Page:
Years back I picked up this handout (published by the Cattleman’s Beef Board and the National Cattleman’s Beef Association). When I am in the mood for beef its a great resource to think about what to buy and how to cook it. I keep it on my refrigerator.
Favorite Cuts of Beef
I have no problem with some beef on occasion. I do care about my body and therefore watch my beef intake.
Loin – My favorite cuts of beef happen to be the most expensive cuts of beef. A great porterhouse steak, t-bone steak, or tenderloin roast (with a port wine reduction). Of course there is filet mignon (the cut from the end of the tenderloin) and New York strip (the cut from the short loin with the tenderloin removed).
Rib – There is nothing like a well-marbled ribeye steak. If you can find a butcher who offers the Delmonico cut of the ribeye, wow it is joyful. There is also the rib roast. Anyone thinking of some prime rib with horseradish sauce and a fully loaded baked potato?
I am not always so highfalutin, give me some ground sirloin or ground round to make a cheeseburger with grilled onions on a fresh roll. Happiness in a bun.
I listed some of my favorites cuts of beef above, but there are many great cuts that have their own cooking method: beef stew for a cold winter day; pot roast to bring a mood up; pit beef when you’ve got lots of beer and a day to kill; London broil when friends are coming over; and of course roast beef for Sunday supper. I can easily keep going, but lets take a look at cooking methods (in order that they are listed).
Skillet – Other than ground beef, I don’t use a skillet much for cooking beef. But it works for some steaks.
Grill or Broil – High heat from the bottom or high heat from the top. Seal in those juices. My preferred method is a charcoal grill. Preferred method for any steak.
Marinate and Grill or Broil – Used for round, skirt, flank, and other tough cuts of beef. Most popular is the London Broil cooking method.
Stir-Fry – Traditionally the butcher will give you bits and pieces of beef here and there, and the mix is stir fried.
Roast – Roast beef with some potatoes and vegetables. Yum. Leftovers turn into hot sandwiches with gravy on top. Usually we roast the beef in an over, but if you are adventurous go one step further – roast the beef over an open fire (try it with a tip roast). The secret is to keep the fire about the same heat (which means you will slowly add wood) and turn the beef to the fire side maybe every 15 minutes.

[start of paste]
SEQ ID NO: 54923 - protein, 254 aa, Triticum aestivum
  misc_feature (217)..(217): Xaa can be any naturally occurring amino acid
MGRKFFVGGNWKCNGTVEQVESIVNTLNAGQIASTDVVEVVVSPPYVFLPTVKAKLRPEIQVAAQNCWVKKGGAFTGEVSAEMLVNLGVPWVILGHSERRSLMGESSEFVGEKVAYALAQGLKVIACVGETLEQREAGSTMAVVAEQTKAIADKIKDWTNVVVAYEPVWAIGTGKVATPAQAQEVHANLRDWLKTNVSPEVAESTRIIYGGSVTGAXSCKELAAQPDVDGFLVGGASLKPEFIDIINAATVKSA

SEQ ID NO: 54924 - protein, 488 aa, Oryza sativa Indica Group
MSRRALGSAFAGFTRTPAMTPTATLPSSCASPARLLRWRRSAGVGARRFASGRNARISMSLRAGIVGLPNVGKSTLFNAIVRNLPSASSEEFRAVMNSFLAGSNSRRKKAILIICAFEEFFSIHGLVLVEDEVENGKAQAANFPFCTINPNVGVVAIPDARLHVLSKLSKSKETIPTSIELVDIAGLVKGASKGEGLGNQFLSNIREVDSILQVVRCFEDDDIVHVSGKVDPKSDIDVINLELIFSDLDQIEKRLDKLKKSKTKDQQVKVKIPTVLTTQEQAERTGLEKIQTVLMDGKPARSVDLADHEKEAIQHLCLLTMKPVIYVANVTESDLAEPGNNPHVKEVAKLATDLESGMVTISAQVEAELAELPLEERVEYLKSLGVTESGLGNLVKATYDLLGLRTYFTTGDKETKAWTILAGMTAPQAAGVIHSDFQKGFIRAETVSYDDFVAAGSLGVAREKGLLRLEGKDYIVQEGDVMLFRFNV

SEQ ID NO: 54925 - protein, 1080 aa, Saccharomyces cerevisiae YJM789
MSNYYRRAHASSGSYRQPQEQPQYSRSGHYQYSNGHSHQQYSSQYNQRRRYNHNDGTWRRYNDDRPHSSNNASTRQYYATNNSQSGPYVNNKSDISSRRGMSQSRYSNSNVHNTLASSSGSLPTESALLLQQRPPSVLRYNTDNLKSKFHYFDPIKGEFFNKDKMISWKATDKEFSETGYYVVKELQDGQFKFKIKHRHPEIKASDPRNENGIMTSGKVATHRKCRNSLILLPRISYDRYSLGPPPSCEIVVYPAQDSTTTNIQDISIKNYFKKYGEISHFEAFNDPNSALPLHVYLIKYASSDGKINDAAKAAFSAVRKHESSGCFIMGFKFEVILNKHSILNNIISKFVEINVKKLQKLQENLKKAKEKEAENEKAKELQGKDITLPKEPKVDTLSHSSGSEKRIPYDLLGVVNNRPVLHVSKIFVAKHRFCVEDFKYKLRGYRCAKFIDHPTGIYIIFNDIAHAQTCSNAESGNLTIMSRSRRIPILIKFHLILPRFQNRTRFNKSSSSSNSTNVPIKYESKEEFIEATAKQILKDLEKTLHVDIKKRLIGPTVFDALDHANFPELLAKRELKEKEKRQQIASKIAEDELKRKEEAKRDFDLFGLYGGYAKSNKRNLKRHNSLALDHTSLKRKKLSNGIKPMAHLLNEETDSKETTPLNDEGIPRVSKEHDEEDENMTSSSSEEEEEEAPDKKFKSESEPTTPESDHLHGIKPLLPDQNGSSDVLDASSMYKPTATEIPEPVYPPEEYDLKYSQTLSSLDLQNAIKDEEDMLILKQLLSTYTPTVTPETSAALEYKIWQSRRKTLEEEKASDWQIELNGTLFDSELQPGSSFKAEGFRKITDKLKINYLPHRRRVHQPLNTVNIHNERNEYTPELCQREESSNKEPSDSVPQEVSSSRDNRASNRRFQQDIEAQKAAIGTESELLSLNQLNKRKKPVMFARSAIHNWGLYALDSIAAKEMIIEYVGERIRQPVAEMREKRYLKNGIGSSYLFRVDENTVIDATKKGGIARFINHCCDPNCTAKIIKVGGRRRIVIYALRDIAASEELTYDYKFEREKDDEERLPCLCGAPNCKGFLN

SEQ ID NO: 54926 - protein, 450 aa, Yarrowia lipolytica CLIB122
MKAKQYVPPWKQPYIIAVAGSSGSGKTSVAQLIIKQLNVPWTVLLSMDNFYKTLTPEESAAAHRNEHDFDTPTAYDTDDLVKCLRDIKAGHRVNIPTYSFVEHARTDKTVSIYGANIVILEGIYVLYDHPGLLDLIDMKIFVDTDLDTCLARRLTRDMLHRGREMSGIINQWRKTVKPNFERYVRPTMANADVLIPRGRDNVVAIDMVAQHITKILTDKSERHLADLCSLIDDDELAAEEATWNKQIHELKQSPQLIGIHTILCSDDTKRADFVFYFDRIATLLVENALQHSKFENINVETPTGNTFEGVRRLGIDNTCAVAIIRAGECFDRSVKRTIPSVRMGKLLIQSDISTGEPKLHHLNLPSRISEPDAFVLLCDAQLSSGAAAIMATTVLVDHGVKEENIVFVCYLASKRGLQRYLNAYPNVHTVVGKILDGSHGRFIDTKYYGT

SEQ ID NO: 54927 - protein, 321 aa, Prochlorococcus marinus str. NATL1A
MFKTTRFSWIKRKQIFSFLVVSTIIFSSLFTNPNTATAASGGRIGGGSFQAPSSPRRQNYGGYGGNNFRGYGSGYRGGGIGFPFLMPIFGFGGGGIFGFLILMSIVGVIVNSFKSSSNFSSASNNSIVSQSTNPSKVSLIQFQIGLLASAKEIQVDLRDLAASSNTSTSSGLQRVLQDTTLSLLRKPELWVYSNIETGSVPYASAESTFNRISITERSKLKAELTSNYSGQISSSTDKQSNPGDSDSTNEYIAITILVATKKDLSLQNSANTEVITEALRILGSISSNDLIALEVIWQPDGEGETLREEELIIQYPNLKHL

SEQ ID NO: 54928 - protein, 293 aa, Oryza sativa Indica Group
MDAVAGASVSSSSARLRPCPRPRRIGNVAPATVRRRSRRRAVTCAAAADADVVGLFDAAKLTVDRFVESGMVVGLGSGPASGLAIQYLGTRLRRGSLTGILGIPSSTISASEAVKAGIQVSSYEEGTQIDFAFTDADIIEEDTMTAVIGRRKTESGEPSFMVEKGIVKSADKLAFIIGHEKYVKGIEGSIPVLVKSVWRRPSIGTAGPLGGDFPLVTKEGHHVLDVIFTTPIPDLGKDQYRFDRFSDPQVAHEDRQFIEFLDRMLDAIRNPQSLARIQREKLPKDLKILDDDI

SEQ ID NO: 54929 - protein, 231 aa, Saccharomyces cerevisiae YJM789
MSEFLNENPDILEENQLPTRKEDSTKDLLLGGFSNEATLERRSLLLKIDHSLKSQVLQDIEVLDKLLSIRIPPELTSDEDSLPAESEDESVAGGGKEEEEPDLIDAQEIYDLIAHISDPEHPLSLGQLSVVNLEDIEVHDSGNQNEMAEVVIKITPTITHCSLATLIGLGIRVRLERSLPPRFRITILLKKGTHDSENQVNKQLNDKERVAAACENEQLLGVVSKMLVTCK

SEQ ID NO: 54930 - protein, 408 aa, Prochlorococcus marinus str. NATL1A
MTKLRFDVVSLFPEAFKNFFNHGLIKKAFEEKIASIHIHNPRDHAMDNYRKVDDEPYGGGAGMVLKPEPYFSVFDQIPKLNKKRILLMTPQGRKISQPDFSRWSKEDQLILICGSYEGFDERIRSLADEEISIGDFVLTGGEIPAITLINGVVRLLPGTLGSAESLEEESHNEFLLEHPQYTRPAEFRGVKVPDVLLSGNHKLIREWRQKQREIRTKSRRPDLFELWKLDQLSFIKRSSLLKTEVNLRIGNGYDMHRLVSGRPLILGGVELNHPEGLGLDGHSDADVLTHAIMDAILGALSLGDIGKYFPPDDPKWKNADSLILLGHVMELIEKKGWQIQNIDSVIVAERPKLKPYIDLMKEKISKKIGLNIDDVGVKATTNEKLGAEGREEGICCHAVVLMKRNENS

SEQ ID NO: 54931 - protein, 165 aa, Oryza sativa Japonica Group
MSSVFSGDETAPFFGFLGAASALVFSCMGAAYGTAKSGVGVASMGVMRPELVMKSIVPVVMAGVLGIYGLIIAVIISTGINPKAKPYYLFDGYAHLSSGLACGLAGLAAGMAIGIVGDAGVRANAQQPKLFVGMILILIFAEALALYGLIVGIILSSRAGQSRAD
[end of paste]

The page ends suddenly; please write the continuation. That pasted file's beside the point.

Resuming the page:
Stew – To stew is to simmer pieces of beef fully submerged in liquid. Goes great with potatoes and vegetables. Cook on a stove top or a crock pot.
Braise – Braising beef is a two step process. First sear the beef at a high temperature. Then gently cook in some fluids until it is done. Braised beef is delicious. Use a chuck or round.
Pot roast – Similar to a stew, but a whole piece of beef with some liquid cooked in the over.
What is your favorite beef dish? Tell me in comments.
The butcher at my local supermarket has one of those pictures up, which is a big help as I wouldn’t know how to say in Chinese what cut I want. One of the best beef dishes I’ve ever had was a braised beef cheek.
LikeLiked by 1 person
That has to help so much at the butcher. Braised beef cheeks are delicious. Meet from the cow’s head like cheeks and tongue are not mentioned in my handout unfortunately (but I know the amazing things we can do with both).
LikeLiked by 1 person
It definitely helped as the cuts were all numbers, and I can say the numbers in Chinese.